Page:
Markets in Everything: Power Flower

by on December 17, 2006 at 9:40 am in The Arts | Permalink

Carnivorous Plant of the Month Club.  Question: Is someone who eats carnivorous plants a vegetarian?

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1 Samy December 17, 2006 at 10:42 am

No…..She is a ‘NOVETERIAN’

2 josh December 17, 2006 at 12:48 pm

Yes, but somebody who eats oysters may not be. Wierd, eh?

3 Skippy December 17, 2006 at 2:40 pm

thanks for formalizing that.

4 David Tufte December 17, 2006 at 8:06 pm

Here’a a true economics nerd story.

When the ASSA was in New Orleans in 1997 or so, I went out to dinner with a few new acquaintances – a new classical local taking out 3 Marxists from around the world.

We were served alligator.

One of the Marxists was not a vegetarian, but he was close.

But, he wanted to try alligator, and he liked it.

Then he realized that if the alligator had eaten a person, that he was engaging in second degree cannibalism.

Deeply conflicted, he sat through the rest of the meal in near silence.

5 liberty December 18, 2006 at 11:53 am

Not so bizarre and convoluted, but in his economics, the Marxist has his incentives (cause and effect) backward. The more alligator that you, the *less* likely it is that more humans will be eaten by alligators. Don’t subsidize the alligators if you don’t want to engage in cannibalism (but of course, his allies in the environmental groups will become angry about that).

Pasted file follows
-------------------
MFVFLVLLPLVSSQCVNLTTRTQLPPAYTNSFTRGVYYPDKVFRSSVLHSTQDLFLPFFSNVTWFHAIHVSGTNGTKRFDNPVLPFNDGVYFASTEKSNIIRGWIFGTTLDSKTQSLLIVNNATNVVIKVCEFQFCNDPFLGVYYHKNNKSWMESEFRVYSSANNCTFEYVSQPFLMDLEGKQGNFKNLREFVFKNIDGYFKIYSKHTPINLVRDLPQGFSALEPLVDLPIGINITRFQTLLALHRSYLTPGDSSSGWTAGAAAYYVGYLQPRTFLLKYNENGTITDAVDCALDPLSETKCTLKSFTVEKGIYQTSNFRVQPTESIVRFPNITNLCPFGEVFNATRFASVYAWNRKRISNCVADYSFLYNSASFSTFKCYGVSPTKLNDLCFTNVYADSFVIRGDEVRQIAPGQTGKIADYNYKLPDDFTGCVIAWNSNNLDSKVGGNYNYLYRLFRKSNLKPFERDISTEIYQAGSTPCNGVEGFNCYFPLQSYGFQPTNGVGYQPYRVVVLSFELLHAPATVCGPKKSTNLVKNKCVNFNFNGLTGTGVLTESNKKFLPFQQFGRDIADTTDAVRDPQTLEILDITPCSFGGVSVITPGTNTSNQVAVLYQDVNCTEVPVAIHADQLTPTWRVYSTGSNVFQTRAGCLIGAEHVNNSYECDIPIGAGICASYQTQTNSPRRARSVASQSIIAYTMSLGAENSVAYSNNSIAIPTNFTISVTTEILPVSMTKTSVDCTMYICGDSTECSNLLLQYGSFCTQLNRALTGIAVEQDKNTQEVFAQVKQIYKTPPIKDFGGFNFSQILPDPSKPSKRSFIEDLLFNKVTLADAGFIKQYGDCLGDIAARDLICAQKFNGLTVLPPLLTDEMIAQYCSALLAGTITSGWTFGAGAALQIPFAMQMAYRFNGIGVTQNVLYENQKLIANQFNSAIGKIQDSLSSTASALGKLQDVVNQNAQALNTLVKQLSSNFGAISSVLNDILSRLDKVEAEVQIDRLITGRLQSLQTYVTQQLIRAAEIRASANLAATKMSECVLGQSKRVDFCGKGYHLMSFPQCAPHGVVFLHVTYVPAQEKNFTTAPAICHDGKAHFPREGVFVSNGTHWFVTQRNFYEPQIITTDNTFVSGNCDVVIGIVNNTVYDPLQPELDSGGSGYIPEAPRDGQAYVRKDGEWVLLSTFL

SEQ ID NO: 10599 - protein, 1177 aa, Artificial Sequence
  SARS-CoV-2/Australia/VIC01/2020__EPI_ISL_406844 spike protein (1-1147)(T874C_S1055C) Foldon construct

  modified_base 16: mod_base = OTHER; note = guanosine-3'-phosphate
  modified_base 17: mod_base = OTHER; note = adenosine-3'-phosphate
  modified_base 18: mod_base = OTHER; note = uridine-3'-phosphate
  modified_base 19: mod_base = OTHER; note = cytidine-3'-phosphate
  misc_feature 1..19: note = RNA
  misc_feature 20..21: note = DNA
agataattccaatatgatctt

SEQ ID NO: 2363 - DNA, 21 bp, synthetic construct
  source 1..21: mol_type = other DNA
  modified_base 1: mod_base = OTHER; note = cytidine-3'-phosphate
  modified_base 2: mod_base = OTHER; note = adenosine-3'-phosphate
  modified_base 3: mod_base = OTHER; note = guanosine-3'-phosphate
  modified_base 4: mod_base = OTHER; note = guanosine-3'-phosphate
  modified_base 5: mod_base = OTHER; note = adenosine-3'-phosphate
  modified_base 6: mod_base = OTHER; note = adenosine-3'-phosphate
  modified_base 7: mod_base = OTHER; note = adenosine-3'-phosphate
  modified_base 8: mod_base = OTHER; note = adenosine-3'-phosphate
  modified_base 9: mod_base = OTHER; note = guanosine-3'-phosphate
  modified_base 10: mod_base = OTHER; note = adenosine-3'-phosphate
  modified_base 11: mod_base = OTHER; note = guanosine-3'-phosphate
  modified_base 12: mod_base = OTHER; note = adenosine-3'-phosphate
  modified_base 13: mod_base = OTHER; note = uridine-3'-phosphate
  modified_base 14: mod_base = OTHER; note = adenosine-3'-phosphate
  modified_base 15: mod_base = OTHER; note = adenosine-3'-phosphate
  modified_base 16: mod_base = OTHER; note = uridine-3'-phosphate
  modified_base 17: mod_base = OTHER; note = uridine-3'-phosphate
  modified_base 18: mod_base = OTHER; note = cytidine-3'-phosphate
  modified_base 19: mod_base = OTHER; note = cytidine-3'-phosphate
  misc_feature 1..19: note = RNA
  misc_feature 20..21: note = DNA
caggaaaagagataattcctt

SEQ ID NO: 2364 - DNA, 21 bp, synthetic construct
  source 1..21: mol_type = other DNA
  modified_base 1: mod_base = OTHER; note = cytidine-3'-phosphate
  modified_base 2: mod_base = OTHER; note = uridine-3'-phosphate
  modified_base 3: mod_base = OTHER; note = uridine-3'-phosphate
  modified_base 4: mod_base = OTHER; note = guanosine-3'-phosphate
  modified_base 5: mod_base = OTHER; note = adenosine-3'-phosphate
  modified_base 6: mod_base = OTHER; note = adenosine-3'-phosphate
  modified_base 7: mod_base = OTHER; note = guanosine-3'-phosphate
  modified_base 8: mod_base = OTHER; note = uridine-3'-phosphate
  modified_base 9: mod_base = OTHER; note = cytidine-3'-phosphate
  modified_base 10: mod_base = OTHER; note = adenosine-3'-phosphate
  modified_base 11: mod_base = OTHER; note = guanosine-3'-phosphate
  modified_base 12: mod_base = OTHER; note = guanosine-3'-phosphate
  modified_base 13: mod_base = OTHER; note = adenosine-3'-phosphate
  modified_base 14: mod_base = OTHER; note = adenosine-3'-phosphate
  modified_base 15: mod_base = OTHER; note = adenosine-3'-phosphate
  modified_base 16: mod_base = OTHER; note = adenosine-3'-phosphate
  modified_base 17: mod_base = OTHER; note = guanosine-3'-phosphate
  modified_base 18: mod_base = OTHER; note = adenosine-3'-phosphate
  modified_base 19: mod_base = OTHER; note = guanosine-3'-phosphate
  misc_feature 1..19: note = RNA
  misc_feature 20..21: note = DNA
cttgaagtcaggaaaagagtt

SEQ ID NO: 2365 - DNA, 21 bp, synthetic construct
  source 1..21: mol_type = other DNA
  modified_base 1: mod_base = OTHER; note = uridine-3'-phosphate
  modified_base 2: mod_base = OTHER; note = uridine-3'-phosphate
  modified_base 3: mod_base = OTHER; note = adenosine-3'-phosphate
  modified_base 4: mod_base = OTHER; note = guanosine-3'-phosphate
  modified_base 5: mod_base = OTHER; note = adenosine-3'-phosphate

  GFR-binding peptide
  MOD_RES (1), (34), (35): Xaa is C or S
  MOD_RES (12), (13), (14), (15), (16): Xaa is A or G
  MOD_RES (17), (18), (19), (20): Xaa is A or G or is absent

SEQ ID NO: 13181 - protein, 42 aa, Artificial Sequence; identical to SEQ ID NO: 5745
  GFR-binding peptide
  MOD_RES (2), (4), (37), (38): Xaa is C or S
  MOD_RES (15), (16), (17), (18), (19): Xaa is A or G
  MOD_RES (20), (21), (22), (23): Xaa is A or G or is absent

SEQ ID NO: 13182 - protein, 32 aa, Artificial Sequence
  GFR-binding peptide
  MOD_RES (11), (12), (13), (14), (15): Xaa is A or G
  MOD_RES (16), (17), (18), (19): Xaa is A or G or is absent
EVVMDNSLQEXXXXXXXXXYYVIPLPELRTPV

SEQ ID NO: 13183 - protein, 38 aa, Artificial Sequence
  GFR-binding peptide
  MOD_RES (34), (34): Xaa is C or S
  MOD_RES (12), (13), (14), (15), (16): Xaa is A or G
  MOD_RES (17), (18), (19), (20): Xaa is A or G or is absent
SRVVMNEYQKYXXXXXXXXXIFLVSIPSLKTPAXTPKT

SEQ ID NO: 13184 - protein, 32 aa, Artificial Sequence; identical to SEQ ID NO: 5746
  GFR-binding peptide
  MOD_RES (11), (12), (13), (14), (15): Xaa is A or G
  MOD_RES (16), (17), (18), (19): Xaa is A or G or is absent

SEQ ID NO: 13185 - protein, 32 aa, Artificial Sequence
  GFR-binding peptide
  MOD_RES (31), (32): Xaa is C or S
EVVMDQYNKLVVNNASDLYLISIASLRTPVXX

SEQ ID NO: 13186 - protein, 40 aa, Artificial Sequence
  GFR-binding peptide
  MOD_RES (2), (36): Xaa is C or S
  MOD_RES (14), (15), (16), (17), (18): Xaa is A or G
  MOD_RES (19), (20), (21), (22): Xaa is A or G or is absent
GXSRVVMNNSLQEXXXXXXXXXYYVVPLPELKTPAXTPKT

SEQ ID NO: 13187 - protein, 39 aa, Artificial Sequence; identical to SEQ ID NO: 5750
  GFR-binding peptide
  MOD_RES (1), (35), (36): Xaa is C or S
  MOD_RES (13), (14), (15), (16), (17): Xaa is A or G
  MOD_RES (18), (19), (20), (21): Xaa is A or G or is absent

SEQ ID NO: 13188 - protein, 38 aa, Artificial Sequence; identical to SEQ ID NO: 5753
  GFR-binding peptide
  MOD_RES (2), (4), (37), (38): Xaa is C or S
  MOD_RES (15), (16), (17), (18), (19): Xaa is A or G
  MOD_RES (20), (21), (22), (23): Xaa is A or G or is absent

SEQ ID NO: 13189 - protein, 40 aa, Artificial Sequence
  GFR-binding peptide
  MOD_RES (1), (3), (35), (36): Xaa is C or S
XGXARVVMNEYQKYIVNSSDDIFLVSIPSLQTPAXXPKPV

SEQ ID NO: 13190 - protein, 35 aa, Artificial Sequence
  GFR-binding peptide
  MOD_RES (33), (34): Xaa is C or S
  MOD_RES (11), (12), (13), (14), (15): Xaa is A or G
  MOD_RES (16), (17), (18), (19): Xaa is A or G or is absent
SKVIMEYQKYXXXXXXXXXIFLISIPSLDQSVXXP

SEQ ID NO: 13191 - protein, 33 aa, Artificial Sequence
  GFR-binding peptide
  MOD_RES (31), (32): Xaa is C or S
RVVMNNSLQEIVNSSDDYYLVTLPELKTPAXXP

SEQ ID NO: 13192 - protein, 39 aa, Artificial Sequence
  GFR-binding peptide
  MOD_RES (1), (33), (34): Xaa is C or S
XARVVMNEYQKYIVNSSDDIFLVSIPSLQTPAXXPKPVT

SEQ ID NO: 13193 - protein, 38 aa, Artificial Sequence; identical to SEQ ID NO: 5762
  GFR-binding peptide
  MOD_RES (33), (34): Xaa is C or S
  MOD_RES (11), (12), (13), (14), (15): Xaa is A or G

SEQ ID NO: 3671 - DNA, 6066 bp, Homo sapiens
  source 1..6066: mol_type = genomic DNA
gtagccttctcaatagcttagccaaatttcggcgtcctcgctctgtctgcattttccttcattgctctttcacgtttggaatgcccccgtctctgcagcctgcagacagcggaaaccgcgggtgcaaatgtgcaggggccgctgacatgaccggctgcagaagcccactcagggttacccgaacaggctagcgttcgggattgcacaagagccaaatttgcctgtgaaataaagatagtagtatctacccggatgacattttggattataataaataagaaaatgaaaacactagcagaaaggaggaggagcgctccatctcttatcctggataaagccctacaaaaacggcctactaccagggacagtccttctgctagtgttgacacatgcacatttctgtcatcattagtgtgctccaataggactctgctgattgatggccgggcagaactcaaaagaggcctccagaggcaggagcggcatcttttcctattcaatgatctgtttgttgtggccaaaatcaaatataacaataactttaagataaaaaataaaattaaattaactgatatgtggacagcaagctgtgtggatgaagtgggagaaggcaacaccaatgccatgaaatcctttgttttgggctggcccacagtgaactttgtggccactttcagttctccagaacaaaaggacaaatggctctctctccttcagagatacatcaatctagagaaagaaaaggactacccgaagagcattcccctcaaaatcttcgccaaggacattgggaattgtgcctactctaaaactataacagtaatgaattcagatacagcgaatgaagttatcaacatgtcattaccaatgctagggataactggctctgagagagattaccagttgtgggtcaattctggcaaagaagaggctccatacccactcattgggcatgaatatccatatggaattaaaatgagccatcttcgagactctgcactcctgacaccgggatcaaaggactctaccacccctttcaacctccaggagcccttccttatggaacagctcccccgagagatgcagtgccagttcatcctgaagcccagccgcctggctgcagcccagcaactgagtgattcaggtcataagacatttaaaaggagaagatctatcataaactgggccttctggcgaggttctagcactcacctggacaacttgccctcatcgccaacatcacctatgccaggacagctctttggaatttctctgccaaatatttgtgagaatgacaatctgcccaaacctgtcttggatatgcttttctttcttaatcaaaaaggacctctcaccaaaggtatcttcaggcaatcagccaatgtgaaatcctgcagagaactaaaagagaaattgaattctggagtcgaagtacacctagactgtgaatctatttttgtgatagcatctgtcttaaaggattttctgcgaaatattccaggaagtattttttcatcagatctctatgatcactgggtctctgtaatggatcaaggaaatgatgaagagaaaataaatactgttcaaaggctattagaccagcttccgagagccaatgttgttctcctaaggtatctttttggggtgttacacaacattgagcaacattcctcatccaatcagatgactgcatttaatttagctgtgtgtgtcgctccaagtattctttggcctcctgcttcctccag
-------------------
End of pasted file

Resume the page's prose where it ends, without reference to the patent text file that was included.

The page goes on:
As for whether you can be vegetarian and eat carnivorous plants, all reason aside I think the consensus view is that to be a vegatarian you must eat only things that are at the bottom of the food chain: hence no you would not be vegetarian.

6 liberty December 18, 2006 at 2:42 pm

I was referrring to the consensus among vegetarians ho consider this question, at least from a moral POV. Non-vegetarians and those doing it for health reasons may disagree, but their opinion doesn’t really matter.

7 Robert Wiblin December 19, 2006 at 2:33 am

Yes you would:

“A vegetarian is someone living on a diet of grains, pulses, nuts, seeds, vegetables and fruits with or without the use of dairy products and eggs (preferably free-range).

A vegetarian does not eat any meat, poultry, game, fish, shellfish or crustacea, or slaughter by-products such as gelatine or animal fats.” –

Vegetarianism pertains to the genus from which the flesh comes (Animalia is out, Plantae is in), not the trophic level.

8 Appukkuttan December 19, 2006 at 8:58 am

Somebody told me that Hitler was a vegetarian.Is it true?

9 Anonymous October 14, 2008 at 12:04 am
10 aion kina March 20, 2009 at 4:30 am
11 RonAbner56 December 29, 2010 at 11:40 am

As one who has met some some Phoenix florists and priests, I may say that the answer is yes. Usually, the carnivore plants eat small insects. Eating them can not be considered as breaking the fast. Until I will see a veggie eating a cow, I guess that eating plants mean that we are vegetarian.

12 Matthew January 25, 2011 at 1:15 pm

This is funny.I don’t think that carnivorous plants are eatble because you can’t eat every plant you see because you might end up badly.The concept of carnivorous plant can’t be associated with carnivorous animal.Artificial Christmas Trees

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